The primary end point was pCR, defined as absence of invasive tumor cells on hematoxylin and eosin evaluation of the complete resected breast specimen (and all sample regional lymph nodes if lymphadenectomy was performed) following the completion of neoadjuvant systemic therapy. Residual ductal carcinoma in situ (DCIS) only was included in the definition of pCR (ypT0/is, ypN0). Secondary aims included the tolerability and safety profile of the metformin-based neoadjuvant combination including cardiac toxicity, the rate of breast conservation, 5-year disease-free survival (DFS), the inhibition of tumor tissue biomarkers (including proliferative, mTOR/AMPK- and HER2-related pathways), and changes in circulating levels of insulin and metabolites. Studies of disease free survival rates and correlative biological markers are ongoing and will be reported separately. Independent institutional review boards approved the study protocol and any amendments. Written informed consent was obtained from each participant. The study was registered with the EU Clinical Trials Register and is available online (https://www.clinicaltrialsregister.eu/ctr-search/trial/2011-000490-30/ES).

Patient selection

Patients were eligible if they met the following criteria: previously untreated, operable, locally advanced, or inflammatory BC >2.0 cm in largest clinical diameter, and confirmed HER2 positivity (either immunohistochemistry 3+ or 2+ and positive for fluorescent or chromogenic in situ hybridization). Patients were excluded from this study if they had impaired cardiac function (e.g., uncontrolled or symptomatic angina, clinically significant arrhythmias, congestive heart failure, transmural myocardial infarction), uncontrolled hypertension, concurrent treatment with therapies that can alter insulin levels (including chronic treatment with oral corticoids), metabolic disease (e.g., diabetes mellitus type I or II, obesity [BMI >30], impaired glucose tolerance [>128 mg/dL], hypercholesterolemia or hypertriglyceridemia of grade ≥3 according to CTC-NCIC version 4.0). See Supplementary Materials for additional inclusion and exclusion criteria.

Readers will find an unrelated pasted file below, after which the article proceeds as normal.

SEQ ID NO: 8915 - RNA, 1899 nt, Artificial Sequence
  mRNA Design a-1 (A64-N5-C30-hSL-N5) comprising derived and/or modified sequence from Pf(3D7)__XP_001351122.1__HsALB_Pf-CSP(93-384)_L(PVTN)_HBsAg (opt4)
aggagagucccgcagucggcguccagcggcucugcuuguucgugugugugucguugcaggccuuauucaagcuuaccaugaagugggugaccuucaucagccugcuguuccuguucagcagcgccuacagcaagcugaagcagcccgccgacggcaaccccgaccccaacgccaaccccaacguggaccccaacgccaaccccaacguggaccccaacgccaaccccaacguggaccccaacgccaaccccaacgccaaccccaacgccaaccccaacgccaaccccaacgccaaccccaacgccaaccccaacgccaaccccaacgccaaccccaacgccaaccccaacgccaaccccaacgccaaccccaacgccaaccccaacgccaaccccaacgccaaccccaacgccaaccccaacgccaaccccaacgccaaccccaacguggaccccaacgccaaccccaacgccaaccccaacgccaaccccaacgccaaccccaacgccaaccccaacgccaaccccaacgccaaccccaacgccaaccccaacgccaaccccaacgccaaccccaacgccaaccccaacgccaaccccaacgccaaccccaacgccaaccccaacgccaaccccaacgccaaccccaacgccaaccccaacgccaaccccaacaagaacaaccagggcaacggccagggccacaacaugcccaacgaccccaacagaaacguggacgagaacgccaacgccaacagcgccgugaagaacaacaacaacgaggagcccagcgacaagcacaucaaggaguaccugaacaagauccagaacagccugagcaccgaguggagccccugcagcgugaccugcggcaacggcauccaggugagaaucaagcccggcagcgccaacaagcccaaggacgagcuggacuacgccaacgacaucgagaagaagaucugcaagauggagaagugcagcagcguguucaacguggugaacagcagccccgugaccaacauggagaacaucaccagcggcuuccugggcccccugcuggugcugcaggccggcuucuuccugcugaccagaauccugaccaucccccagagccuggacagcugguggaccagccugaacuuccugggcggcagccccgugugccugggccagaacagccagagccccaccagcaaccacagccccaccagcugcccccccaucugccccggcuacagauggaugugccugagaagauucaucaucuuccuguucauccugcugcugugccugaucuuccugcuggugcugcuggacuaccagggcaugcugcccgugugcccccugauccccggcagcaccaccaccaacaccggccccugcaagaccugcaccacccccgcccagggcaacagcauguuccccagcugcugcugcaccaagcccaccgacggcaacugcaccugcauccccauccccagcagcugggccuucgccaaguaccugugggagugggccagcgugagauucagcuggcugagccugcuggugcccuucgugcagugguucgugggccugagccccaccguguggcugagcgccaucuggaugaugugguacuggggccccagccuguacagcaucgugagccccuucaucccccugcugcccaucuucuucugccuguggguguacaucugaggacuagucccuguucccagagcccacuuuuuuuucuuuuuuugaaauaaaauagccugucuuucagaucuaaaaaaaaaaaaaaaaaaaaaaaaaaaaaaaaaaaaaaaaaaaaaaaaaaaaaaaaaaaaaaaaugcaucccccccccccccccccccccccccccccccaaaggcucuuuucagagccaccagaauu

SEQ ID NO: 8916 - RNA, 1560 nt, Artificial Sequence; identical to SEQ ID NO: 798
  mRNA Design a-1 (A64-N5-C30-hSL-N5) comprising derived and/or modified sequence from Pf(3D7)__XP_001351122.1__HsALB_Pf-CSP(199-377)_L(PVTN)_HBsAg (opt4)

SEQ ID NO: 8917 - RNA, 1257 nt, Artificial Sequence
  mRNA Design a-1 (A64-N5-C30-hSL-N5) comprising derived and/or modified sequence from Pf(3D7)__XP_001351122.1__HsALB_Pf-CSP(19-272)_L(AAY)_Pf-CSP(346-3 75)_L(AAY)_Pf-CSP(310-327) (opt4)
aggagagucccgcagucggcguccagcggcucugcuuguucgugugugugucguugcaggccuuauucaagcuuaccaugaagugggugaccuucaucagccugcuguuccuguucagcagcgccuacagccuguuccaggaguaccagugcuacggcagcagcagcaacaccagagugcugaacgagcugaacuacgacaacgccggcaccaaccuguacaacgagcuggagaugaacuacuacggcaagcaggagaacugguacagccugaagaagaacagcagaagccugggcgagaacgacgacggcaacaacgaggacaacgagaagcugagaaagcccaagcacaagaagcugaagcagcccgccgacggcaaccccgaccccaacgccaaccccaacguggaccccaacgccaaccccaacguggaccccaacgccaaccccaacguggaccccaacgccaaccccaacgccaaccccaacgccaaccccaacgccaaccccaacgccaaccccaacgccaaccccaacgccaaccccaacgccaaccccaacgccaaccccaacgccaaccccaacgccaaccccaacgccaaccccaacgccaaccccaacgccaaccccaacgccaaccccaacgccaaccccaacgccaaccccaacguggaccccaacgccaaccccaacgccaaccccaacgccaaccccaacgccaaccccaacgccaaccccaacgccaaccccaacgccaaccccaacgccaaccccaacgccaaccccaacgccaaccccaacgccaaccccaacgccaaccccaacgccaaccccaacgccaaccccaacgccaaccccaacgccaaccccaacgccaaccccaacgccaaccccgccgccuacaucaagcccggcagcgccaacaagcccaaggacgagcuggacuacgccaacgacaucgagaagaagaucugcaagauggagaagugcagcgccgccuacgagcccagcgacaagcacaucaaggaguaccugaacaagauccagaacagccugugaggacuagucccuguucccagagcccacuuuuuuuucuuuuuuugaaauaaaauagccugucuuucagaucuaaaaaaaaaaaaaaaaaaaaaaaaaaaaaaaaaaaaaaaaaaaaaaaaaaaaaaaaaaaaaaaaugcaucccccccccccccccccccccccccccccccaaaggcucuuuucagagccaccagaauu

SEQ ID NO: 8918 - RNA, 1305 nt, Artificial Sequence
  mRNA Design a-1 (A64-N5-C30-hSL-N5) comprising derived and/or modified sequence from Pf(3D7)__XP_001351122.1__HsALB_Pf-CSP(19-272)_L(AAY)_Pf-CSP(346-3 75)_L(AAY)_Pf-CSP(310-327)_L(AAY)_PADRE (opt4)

Treatment

Chemotherapy consisted of weekly paclitaxel (80 mg/m2) for 12 weeks, concomitant trastuzumab (4 mg/kg loading dose followed by 2 mg/kg weekly for 12 weeks), followed by four courses of fluorouracil (600 mg/m2), epirubicin (75 mg/m2), and cyclophosphamide (600 mg/m2) (FE75C), administered every 3 weeks with concomitant trastuzumab (6 mg/kg). Corticosteroids and histamine-receptor blockers were administered before paclitaxel. Patients on arm A received concomitant metformin (850 mg twice-daily) for 24 weeks, which was given in divided doses with meals, with gradual dose escalation to reduce gastrointestinal side effects. The starting dose was 425 mg (one-half of a tablet) daily with dinner; dosage increase was carried out in increments of 425 mg every week to a total of 850 mg twice-daily after 4 weeks. Patients had surgery within 4–5 weeks of the last cycle of neoadjuvant treatment. Post-surgery, patients received 3-weekly trastuzumab to complete 1 year of neoadjuvant-adjuvant therapy. Radiotherapy and endocrine therapy were according to local guidelines.